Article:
Need help identifying this and its purpose

xtian

Gold Supporting Member
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2,680
Probably a voltage regulator. Tell us what markings are on it.

I can see that it takes B+ from the red wire, but what are the other connections?
 
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2,550
That would be this MOSFET and per the schematic on the same site the photo you posted came from, it's associated with the WATTS control on the front panel. Voltage regulator ICs often use the same kind of case, but AFAIK those aren't for guitar amp B+ voltages.

So, is it being used to achieve a form of power scaling then?

UPDATE: Having looked at the link it looks like more than than that... is the mosfet you linked to situated in some sort of heat sink in the pic?

UPDATE2: Btw, I had no idea where that pic came from. I snapped that 9+ months ago back when I was working on this originally... impressed that you knew where it was from!
 
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1,657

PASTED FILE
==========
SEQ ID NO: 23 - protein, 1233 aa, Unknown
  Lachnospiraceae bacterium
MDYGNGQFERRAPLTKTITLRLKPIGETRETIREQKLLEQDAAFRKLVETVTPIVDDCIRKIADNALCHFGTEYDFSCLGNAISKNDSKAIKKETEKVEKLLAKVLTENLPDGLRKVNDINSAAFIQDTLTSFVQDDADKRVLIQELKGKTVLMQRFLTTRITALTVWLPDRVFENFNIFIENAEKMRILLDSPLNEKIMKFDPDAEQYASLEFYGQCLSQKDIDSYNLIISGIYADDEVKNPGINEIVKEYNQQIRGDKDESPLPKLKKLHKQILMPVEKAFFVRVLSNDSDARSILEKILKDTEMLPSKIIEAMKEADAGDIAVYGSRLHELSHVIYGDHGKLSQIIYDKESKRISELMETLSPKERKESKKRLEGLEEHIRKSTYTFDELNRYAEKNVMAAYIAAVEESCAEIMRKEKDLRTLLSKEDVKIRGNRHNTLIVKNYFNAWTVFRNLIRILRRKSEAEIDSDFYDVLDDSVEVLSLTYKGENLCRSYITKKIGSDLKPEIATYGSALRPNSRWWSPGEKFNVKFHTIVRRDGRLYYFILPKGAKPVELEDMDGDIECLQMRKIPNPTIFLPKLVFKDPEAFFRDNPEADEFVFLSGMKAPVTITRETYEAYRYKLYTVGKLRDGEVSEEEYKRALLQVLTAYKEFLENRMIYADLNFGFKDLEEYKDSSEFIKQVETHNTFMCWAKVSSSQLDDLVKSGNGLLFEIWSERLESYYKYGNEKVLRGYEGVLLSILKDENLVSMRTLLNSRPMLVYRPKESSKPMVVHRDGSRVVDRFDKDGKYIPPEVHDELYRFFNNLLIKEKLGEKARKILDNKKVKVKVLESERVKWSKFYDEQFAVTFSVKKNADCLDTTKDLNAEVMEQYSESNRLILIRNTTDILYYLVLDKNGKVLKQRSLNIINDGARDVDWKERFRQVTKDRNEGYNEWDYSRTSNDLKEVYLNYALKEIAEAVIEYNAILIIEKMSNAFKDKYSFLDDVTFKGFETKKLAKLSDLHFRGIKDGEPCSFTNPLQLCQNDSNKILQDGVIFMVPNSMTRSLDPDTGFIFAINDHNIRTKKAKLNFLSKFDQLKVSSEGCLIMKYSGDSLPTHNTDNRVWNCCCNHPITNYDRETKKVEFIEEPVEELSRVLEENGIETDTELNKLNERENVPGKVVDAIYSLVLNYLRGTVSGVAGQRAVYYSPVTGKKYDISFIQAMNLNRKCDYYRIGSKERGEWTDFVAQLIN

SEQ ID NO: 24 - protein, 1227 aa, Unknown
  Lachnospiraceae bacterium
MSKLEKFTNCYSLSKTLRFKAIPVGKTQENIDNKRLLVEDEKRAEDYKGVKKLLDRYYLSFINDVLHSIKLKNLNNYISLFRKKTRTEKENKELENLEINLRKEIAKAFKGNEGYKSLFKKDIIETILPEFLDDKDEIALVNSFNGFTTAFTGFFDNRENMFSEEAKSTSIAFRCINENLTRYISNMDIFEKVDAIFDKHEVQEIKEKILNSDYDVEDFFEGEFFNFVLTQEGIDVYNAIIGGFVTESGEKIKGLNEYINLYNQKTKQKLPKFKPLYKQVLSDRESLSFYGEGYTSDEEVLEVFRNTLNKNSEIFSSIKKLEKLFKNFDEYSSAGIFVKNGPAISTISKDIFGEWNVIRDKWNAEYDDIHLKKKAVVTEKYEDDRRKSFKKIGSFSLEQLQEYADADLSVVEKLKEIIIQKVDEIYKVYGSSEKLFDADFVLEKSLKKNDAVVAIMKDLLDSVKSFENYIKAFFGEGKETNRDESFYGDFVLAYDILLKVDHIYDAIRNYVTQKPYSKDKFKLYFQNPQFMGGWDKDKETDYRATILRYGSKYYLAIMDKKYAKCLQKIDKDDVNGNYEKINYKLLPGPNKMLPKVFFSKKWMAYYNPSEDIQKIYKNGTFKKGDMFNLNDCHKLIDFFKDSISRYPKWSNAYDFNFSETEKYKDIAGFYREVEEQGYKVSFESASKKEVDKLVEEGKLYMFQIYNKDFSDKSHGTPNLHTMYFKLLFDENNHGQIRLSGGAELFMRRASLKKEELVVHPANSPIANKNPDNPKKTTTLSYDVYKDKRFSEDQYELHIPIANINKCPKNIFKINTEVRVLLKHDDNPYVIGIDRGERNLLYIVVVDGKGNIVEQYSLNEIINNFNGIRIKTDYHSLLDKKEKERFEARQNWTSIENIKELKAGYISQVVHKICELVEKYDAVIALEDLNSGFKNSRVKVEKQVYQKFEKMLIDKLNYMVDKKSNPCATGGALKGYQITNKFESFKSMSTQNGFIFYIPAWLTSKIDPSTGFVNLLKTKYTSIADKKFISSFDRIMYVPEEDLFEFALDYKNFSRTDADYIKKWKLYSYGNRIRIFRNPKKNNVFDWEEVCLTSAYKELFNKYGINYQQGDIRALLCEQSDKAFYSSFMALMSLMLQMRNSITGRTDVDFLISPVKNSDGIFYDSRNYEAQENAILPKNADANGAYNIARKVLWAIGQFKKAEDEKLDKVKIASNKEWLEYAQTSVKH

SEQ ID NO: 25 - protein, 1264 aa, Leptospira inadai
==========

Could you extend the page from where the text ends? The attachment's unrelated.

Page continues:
So, is it being used to achieve a form of power scaling then?

UPDATE: Having looked at the link it looks like more than than that... is the mosfet you linked to situated in some sort of heat sink in the pic?

UPDATE2: Btw, I had no idea where that pic came from. I snapped that 9+ months ago back when I was working on this originally... impressed that you knew where it was from!

Yes, it's a heat sink. Pretty typical of transistors.
 

Kyle B

Member
Messages
5,290
So, is it being used to achieve a form of power scaling then?"
Yes, that's exactly what it does. It changes the B+ voltage applied to V1. Lower B+ = lower output from the preamp.